06 January 2023
2 minute read
Ahmed does not disclose material financial information. He tells them he received grants from the National Institute on Aging during the course of the study. He please consult the study for the disclosures of all other authors.
According to the researchers, health care workers who were unionized from 2009 to 2021 earned better wages and benefits than those who weren’t. Despite this, unionization rates were low.
There has been a recent resurgence of unionization efforts in the US, “with the National Labor Relations Board receiving a 57% increase in union election petitions in the first half of 2022,” Ahmed M. Ahmed, MPP, MSc, an MD candidate at Harvard Medical School, and colleagues wrote JAMA.
“Workers across many sectors, including those in health care, are joining unions to bargain for better pay, better non-cash benefits and safer working conditions,” they wrote. “For healthcare workers, the toll of the COVID-19 pandemic — including struggles to obtain personal protective equipment, inconsistent testing and notification of positive COVID-19 exposures, and inadequate pay with increased work hours — on background of the increase in burnout before the pandemic has amplified calls for unionization to improve working conditions in the US health care system”.
There is limited research on the prevalence and benefits of unionization among US health care workers, according to Ahmed and colleagues. They conducted a cross-sectional study to better understand how healthcare unionization has changed over the years and the benefits workers gain from unionization.
The researchers analyzed data from 14,298 respondents — 81.5 percent of whom were female and 70.4 percent were white with a mean age of 41.6 years — including 6,350 technicians and support staff, 4,931 nurses, 1,072 doctors and dentists, 981 advanced practitioners and 964 therapists.
After weighting, the researchers found that 13.2% (95% CI, 12.5-13.8) of respondents were involved in a union. There were no significant trends in unionization from 2009 to 2021.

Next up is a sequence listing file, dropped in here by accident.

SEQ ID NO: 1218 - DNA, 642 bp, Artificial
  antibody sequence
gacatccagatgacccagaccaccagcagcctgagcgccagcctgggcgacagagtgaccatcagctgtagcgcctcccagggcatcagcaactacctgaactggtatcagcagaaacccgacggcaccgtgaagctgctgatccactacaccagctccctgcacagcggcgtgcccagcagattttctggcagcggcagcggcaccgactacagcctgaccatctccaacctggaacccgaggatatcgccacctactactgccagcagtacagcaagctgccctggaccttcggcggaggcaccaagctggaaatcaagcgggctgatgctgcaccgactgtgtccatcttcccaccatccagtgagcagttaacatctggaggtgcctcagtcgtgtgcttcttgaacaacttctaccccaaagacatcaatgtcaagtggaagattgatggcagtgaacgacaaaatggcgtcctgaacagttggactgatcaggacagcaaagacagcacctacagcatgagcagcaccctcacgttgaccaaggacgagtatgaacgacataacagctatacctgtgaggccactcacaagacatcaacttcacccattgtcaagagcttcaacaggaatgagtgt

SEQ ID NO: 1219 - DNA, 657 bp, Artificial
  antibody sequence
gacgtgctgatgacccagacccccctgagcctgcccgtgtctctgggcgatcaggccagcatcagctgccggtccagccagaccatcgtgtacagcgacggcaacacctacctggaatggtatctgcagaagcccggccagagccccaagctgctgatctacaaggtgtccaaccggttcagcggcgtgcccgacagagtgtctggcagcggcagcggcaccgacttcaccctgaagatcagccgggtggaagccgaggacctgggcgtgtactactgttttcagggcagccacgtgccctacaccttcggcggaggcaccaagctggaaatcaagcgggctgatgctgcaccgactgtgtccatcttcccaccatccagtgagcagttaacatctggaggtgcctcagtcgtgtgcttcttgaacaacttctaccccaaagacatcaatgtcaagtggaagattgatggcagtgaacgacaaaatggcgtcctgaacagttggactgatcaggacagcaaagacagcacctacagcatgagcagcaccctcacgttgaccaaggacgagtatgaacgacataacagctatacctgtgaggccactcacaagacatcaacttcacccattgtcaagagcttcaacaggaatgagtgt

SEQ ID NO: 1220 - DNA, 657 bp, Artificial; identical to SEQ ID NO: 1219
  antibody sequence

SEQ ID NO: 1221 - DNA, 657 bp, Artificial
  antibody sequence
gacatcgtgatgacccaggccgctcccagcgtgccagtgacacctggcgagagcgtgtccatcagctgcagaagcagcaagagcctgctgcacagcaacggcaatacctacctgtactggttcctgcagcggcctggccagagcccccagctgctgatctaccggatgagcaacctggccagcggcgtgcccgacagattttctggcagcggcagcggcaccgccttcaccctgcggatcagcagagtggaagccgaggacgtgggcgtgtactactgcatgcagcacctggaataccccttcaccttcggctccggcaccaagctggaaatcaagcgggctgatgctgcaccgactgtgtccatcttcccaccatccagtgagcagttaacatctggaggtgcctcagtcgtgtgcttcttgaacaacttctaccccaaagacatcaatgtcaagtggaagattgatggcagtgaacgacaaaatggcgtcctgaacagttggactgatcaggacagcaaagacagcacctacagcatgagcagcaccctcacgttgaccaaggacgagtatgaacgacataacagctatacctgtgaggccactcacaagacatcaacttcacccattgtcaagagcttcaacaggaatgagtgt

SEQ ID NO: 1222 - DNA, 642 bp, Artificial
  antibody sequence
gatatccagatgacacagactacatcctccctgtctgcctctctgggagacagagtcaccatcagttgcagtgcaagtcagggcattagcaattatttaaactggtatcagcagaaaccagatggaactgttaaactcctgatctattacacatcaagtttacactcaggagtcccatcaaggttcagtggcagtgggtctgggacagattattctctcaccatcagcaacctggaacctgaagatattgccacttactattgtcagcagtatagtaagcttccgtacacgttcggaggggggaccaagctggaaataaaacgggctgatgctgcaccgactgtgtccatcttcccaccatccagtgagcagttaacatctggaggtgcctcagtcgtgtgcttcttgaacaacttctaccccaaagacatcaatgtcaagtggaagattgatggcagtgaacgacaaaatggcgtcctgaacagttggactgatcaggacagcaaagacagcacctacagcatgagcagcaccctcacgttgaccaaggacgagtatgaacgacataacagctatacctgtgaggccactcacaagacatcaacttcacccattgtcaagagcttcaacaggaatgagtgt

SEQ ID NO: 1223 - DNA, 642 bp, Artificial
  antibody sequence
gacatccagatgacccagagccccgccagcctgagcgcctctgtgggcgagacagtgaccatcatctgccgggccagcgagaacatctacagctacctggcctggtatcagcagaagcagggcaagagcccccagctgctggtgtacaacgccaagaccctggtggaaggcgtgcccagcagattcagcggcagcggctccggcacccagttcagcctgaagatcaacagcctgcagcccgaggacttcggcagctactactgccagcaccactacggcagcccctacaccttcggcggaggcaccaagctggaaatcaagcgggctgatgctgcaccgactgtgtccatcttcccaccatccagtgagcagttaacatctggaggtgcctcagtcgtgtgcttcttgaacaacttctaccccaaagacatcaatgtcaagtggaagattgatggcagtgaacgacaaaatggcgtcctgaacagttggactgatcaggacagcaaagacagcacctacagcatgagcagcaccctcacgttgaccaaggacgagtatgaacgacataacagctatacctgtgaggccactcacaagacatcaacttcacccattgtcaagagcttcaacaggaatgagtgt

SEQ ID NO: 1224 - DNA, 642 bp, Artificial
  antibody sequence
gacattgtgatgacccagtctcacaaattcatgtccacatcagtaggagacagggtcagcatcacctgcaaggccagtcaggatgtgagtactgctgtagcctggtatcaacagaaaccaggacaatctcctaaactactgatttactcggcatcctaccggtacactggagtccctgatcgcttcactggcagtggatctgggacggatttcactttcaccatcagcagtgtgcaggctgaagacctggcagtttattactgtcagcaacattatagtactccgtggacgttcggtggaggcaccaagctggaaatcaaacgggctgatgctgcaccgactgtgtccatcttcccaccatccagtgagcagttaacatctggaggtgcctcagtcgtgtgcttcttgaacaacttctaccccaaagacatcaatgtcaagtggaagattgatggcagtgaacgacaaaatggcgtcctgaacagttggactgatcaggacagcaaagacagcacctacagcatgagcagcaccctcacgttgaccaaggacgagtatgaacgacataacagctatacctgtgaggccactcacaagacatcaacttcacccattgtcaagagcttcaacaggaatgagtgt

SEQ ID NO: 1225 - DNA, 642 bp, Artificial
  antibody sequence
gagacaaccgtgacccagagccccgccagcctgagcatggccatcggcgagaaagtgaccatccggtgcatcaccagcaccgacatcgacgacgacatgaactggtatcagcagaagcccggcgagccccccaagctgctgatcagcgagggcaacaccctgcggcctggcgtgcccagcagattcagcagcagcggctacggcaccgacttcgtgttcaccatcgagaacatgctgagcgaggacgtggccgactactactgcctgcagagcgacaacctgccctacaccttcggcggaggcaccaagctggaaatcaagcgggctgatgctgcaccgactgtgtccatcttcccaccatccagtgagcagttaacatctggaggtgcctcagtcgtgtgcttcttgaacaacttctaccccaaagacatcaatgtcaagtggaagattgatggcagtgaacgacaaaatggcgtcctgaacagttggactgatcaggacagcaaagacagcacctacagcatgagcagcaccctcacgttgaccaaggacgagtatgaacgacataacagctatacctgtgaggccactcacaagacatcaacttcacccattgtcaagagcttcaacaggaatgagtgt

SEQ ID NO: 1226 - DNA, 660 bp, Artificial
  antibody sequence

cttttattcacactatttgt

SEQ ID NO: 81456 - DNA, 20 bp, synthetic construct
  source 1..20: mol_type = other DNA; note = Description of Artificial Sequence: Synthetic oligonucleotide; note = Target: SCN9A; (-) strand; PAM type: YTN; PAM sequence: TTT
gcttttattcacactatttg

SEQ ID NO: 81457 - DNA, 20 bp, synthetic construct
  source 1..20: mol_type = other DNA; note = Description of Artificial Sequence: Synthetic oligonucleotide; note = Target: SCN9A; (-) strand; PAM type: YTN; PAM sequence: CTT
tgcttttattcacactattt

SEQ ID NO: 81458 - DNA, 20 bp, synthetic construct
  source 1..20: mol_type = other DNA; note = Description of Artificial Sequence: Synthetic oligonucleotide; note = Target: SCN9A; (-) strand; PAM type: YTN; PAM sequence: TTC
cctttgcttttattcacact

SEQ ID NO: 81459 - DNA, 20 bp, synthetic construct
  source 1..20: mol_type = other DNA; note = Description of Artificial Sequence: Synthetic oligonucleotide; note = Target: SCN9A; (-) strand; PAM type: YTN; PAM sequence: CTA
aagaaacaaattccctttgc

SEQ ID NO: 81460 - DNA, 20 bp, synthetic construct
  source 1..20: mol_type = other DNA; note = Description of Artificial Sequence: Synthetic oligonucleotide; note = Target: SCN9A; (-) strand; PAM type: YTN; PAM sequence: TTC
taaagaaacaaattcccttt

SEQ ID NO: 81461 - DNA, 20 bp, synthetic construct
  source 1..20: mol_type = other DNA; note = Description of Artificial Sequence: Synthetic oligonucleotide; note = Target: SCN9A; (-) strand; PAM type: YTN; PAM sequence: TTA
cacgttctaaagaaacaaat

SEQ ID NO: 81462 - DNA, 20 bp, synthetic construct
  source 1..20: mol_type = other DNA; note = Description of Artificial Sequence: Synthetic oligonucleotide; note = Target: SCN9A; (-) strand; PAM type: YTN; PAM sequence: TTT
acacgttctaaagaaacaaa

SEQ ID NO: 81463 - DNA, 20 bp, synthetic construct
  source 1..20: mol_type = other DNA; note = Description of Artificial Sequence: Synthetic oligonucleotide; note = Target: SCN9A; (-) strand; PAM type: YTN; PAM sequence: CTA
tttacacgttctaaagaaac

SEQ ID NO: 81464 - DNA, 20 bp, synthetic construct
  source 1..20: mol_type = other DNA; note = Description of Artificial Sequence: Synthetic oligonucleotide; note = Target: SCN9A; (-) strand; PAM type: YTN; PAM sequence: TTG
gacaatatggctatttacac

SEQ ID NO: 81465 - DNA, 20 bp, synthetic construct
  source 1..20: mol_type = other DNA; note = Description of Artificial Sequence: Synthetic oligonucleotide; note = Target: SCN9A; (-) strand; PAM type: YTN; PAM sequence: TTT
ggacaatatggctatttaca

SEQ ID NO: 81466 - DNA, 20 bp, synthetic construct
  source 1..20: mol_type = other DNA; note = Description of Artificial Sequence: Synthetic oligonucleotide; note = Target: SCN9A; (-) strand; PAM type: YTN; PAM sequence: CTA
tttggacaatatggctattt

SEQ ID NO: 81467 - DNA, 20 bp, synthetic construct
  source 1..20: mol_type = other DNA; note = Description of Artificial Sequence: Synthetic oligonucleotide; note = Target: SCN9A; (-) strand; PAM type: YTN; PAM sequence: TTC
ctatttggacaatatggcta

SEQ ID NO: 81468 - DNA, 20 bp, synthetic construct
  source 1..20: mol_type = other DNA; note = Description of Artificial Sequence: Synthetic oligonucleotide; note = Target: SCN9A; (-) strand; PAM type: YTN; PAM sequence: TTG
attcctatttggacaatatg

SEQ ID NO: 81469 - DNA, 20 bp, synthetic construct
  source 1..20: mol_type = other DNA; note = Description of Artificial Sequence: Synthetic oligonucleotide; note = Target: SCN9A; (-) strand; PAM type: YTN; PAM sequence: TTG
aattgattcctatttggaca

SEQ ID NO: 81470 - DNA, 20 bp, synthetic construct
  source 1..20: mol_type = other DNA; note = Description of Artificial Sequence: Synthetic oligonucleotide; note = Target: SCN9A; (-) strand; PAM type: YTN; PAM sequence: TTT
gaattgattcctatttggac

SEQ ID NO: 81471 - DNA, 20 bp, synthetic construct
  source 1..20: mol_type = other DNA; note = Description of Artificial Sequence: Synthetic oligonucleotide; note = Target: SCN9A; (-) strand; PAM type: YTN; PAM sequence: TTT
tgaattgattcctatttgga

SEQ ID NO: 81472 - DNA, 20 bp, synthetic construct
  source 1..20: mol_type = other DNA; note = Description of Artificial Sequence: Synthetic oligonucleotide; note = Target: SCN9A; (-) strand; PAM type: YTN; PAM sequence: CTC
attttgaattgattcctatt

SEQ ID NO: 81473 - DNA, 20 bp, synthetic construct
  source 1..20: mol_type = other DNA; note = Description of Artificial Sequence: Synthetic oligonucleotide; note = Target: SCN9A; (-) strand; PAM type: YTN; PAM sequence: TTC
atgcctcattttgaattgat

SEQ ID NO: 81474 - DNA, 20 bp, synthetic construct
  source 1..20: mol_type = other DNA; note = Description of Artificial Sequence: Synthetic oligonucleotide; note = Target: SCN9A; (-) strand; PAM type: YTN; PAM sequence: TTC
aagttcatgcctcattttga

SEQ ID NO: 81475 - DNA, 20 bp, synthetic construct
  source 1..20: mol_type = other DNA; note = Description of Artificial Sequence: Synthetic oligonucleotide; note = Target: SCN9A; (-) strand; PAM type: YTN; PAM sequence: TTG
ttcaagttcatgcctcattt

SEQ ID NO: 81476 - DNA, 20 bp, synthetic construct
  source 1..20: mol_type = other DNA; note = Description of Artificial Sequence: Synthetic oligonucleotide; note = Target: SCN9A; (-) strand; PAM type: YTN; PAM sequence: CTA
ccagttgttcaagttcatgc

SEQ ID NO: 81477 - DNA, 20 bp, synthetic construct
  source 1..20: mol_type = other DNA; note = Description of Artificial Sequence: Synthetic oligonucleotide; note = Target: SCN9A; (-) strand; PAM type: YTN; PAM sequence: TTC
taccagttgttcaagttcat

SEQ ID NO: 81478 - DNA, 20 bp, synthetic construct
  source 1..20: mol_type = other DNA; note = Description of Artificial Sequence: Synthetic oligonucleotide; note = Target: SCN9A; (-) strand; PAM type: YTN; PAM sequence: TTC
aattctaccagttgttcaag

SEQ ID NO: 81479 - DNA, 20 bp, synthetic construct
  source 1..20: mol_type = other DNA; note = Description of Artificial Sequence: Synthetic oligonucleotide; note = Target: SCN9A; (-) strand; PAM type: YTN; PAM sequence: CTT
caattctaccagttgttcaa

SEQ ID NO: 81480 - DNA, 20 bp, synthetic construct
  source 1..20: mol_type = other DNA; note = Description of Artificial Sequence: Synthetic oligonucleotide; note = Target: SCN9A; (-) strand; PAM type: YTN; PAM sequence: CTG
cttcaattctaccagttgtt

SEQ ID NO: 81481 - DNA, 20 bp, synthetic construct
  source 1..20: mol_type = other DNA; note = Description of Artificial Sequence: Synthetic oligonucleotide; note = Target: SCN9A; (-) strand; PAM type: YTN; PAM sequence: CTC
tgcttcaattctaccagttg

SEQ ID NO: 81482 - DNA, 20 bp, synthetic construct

Compared with whites, those in underrepresented racial or ethnic groups were more likely to report union membership. People who resided in a metropolitan area were also more likely to report union membership.
The researchers found that unionization was linked to significantly higher weekly wages: $1,165 versus $1,042 (95% CI, 88-157). It was also associated with a greater likelihood of having retirement benefits such as occupational pensions (57.9% vs. 43.4%; RR = 1.33; 95% CI, 1.26-1.41) and having a employer-sponsored health insurance with full premium coverage (22.2% vs. 16.5%; RR = 1.35; 95% CI, 1.17-1.53).
Ahmed and colleagues also noted that union members reported slightly more hours worked: 37.4 versus 36.3, with a mean difference of 1.11 (95% CI, 0.46-1.75). ) per week.
Among nonunion workers, the researchers noted disparities. Whites had significantly higher median weekly wages than people from underrepresented racial and ethnic groups: $1,066 versus $1,001, with a mean difference of $65 (95% CI, 40-91).
However, among union workers, there was no significant difference between the two groups: $1,157 versus $1,170, with a mean difference of $13 (95% CI, 78 to 52).
“The benefits associated with unionization are surprising but not surprising,” Ahmed said in a press release. “Unions collectively bargain for their members, which appears to improve both employee pay and the pay gaps between workers.”
Xiaojuan Li, PhD, senior author and instructor in the department of population medicine at Harvard Medical School and the Harvard Pilgrim Health Care Institute, said in the release that future causal analysis of the relationships is needed.
“Given the toll of the COVID-19 pandemic on the health care workforce, it will be important to investigate whether unionization could help mitigate burnout,” Li said in the statement.